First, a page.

Ukrainian-born pianist Konstantin Lifschitz has been a militant in the struggle to claim Bach's music for pianists, insisting that his role is that of an "interpreter" despite having applied such wholesale Romantic concepts in the past as designating the two books of the Well-Tempered Clavier as "Songs of Innocence" and "Songs of Experience," respectively, and then alternating between the two in concert. Here he goes farther than ever. The packaging of this German release claims that the disc respresents Bach's Musical Offering, BWV 1079, "for the first time complete on a modern concert grand." That's not a surprise, for the trio sonata included in the work is an ensemble piece for flute, violin, and continuo, specifically tailored to the flute playing Frederick the Great of Prussia, the work's dedicatee and the provider of the chromatic theme that furnishes the basis for the whole set of pieces. The ricercars and canons have been played on a piano many times before, and Lifschitz's competent but middle-of-the-road interpretation adds little to the dialogue. Nor does his justification for treating the Musical Offering as a keyboard work: Bach did, in all likelihood, hear the new fortepiano for the first time at his 1747 meeting with Frederick, but it's quite a leap from that fact to the idea that Bach worked out the Musical Offering at the piano, or that his style was fundamentally altered by the new instrument -- and in any case, the story would furnish an argument for playing the work on a fortepiano, not a concert grand. The piano isn't really the issue -- the work, except for the trio sonata, was published in open score and seems to invite the kinds of elaboration to which it has historically been subjected. The problem is a certain mushiness that seems to pervade Lifschitz's presentation -- topped off by the astonishing claim (it's not clear whose) that the keyboard style of Frescobaldi, three of whose toccatas close out the program, "is as genuinely pianistic as that of Chopin and Scriabin." Those who want to hear Bach on the piano have other places, even those in distant orbits, to go; the Goldberg Variations disc by German pianist Burkard Schliessmann would be one.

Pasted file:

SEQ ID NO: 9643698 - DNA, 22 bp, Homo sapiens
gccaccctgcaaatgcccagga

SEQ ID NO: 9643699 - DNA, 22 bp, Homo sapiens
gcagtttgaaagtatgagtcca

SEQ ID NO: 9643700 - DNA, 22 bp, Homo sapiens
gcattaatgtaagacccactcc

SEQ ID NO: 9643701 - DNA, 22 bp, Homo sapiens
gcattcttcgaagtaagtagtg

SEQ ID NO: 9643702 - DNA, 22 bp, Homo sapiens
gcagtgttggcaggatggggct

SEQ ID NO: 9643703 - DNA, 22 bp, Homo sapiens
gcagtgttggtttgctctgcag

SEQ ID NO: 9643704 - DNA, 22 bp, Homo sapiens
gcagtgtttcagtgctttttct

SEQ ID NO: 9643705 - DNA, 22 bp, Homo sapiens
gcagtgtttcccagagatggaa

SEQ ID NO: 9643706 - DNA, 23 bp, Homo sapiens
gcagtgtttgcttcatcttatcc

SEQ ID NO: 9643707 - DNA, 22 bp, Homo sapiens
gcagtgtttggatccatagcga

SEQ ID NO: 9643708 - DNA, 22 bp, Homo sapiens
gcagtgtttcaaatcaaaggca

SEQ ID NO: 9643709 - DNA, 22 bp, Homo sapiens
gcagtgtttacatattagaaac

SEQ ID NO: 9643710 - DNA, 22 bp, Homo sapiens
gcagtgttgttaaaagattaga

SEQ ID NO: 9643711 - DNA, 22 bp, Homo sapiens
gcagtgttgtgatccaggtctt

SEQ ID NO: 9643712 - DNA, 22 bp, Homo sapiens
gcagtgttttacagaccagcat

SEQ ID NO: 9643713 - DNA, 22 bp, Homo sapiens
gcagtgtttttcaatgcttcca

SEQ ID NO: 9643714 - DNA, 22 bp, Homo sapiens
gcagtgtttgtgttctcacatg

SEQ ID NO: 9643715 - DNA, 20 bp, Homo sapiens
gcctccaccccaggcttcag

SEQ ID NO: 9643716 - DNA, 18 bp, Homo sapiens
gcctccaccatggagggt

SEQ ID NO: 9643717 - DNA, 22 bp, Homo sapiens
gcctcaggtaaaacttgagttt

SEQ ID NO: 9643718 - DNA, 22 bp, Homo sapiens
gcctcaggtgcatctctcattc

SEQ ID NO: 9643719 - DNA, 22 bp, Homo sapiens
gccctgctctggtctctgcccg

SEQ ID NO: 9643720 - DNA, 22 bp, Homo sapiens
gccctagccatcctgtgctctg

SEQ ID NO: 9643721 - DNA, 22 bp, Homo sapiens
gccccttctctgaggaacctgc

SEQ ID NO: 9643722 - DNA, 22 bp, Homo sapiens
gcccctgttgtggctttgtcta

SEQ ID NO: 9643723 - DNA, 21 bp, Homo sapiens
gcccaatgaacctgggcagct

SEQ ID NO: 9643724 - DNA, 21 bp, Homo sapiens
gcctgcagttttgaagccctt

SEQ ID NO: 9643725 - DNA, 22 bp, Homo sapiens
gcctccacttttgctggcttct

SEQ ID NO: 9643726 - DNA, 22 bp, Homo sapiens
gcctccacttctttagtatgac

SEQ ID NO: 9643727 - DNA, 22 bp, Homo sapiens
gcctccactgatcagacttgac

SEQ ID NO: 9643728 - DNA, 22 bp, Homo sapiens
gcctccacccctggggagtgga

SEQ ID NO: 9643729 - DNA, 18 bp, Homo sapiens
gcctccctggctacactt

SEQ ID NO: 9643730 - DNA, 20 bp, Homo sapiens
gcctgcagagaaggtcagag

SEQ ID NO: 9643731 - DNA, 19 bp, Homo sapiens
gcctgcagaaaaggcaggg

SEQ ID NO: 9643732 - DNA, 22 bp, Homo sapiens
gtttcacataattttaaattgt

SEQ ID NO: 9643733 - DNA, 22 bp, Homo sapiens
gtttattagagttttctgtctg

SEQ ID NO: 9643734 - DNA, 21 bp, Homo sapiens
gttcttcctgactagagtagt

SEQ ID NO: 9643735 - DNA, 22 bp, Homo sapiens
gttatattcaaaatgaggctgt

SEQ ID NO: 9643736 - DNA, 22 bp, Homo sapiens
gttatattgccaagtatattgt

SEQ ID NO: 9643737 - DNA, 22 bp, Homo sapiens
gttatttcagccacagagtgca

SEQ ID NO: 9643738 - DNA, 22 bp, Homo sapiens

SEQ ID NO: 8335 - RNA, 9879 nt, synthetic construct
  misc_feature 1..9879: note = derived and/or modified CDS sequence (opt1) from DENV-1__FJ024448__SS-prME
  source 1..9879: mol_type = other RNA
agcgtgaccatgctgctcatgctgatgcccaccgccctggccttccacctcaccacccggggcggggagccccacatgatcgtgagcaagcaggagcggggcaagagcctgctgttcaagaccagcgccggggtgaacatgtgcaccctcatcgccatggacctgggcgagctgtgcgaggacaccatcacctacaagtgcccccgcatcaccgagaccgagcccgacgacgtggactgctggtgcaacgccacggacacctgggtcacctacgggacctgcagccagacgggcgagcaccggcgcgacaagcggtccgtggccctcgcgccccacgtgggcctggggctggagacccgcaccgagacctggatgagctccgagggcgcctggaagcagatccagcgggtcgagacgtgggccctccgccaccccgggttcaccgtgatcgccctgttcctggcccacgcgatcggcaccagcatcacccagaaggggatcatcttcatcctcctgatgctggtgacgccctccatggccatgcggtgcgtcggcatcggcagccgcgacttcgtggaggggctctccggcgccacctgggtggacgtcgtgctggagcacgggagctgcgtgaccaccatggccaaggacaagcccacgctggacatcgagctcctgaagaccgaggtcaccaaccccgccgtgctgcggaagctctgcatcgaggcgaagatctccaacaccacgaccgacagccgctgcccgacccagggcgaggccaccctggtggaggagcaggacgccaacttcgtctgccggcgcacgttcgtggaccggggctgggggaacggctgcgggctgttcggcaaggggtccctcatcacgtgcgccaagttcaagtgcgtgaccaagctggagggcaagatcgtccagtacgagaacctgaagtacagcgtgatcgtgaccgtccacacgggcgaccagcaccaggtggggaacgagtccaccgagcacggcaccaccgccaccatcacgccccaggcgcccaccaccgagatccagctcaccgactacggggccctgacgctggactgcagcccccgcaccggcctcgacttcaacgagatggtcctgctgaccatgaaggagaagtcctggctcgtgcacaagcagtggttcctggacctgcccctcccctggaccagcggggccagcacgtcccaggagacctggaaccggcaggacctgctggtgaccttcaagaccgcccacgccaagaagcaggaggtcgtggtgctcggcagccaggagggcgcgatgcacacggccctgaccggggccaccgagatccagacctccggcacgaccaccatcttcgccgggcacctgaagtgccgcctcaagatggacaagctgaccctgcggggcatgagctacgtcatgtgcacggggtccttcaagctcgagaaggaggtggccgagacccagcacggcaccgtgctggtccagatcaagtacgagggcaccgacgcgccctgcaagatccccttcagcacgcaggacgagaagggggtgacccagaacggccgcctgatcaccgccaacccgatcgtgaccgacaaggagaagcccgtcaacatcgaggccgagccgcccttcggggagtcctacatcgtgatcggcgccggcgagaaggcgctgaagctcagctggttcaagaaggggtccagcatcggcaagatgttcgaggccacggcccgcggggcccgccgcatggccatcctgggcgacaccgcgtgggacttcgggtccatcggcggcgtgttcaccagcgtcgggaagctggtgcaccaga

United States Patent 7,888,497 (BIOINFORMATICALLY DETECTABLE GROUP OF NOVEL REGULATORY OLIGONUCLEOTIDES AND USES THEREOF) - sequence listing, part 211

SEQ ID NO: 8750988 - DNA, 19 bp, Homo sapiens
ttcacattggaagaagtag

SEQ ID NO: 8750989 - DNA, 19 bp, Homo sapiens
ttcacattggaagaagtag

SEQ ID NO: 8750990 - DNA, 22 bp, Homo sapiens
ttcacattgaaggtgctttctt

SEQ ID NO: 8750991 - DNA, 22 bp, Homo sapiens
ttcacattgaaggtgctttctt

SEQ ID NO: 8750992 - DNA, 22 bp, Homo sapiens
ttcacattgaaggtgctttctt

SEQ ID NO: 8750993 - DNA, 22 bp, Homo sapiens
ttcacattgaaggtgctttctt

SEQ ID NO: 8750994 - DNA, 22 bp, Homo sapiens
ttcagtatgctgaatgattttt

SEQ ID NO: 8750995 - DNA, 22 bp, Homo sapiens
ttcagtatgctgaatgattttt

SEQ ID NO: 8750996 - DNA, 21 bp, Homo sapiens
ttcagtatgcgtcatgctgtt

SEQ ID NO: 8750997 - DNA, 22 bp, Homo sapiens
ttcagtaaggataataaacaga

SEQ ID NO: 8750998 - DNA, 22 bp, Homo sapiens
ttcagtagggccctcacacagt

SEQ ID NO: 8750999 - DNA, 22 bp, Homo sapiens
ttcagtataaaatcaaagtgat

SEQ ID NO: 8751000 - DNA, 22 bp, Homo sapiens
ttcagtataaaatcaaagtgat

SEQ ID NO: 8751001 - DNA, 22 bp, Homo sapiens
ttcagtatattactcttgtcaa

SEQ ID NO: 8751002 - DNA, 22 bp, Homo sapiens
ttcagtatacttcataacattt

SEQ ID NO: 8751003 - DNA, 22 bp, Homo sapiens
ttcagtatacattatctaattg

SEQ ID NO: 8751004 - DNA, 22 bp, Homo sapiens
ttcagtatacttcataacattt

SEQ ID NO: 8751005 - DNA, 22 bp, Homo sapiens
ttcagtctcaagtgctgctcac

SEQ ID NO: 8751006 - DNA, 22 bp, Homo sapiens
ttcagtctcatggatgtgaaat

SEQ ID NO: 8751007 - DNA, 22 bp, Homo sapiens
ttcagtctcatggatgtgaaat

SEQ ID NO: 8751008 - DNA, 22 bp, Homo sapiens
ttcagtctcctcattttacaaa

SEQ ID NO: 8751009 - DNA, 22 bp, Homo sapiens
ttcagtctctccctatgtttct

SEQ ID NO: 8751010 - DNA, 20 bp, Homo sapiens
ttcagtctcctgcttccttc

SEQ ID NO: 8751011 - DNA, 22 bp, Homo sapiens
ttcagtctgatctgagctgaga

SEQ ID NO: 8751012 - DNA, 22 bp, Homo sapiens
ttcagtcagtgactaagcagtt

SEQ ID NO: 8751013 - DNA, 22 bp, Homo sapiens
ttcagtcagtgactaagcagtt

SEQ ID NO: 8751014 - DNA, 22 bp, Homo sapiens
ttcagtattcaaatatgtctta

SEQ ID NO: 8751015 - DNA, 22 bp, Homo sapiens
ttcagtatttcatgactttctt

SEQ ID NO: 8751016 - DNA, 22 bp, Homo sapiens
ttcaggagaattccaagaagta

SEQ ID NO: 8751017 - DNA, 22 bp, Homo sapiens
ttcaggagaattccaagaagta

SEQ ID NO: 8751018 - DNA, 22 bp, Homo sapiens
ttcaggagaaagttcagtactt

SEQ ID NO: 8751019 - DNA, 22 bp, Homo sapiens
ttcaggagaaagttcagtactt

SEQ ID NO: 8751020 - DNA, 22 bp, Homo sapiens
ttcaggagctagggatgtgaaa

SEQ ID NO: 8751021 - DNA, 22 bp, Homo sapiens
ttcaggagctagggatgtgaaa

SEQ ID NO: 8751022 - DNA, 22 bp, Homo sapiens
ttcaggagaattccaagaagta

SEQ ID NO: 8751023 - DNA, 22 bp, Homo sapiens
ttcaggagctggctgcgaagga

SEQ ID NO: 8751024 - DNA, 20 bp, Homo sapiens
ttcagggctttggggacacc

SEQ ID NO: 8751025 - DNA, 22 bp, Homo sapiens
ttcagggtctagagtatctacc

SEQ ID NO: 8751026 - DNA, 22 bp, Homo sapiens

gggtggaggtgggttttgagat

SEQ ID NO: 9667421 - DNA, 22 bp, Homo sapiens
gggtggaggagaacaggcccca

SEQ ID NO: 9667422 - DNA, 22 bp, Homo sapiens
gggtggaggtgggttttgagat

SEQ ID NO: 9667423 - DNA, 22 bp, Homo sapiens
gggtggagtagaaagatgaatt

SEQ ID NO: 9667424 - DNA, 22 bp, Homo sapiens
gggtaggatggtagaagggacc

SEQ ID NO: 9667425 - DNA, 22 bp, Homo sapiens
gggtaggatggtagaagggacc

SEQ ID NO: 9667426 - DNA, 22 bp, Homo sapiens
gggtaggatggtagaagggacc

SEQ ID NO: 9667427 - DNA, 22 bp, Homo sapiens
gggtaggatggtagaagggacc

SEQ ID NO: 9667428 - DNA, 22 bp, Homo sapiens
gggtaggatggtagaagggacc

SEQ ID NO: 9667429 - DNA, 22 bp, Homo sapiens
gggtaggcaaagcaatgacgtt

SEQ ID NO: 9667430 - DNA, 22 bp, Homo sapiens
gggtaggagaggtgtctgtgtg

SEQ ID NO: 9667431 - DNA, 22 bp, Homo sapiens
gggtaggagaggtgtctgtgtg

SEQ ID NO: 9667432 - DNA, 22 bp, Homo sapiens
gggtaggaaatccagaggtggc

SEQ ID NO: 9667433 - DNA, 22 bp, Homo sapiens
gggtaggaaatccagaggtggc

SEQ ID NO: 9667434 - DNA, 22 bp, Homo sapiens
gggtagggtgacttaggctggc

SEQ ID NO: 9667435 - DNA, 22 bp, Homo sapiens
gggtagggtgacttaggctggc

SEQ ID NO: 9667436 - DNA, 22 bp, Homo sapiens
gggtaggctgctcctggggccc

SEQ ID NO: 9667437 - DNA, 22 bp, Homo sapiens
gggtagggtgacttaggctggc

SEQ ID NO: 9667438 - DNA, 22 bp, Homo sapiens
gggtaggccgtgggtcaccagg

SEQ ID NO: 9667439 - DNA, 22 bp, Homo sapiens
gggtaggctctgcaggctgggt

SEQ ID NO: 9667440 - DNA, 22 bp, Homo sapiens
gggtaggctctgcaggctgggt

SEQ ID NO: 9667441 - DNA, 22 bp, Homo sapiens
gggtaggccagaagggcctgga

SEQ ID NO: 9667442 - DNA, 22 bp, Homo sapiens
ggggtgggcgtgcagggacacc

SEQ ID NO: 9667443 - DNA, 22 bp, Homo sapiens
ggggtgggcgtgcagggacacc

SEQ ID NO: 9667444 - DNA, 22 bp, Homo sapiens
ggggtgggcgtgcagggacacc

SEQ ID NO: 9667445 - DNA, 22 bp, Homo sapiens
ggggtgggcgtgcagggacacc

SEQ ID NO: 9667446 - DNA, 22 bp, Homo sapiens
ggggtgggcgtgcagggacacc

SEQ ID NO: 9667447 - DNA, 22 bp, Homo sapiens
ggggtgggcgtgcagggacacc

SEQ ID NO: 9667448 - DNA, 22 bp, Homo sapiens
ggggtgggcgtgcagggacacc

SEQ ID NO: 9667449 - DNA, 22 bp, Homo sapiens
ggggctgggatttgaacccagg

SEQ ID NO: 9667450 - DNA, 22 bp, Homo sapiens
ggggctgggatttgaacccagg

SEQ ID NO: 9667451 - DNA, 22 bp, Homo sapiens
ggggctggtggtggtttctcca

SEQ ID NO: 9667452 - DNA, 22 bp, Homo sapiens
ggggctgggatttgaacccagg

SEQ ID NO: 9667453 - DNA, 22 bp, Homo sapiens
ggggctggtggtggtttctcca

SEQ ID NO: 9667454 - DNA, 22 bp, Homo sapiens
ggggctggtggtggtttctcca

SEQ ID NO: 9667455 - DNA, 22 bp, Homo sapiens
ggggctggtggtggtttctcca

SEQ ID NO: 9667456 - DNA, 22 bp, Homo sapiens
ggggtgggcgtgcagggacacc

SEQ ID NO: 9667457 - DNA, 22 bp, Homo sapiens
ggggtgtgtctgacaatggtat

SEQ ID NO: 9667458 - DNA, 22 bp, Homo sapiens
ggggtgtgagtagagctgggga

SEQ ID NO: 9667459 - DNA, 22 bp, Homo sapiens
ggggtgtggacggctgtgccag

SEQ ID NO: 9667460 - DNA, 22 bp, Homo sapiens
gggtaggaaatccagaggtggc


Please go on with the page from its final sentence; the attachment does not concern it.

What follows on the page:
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AllMusic Review by James Manheim
|The Musical Offering (Musikalisches Opfer), for keyboard and chamber instruments, BWV 1079|
|Prelude and Fugue, for organ in E flat major ("St. Anne;" Clavier-Übung III/26), BWV 552 (BC J16)|
|Il secondo libro de toccate, canzone...di cimbalo et organo, No.2, Toccata Seconda in G minor|
Il secondo libro de toccate, canzone...di cimbalo et organo, No.5, Quinta Toccata sopra i pedali per l'organo, e senza in G major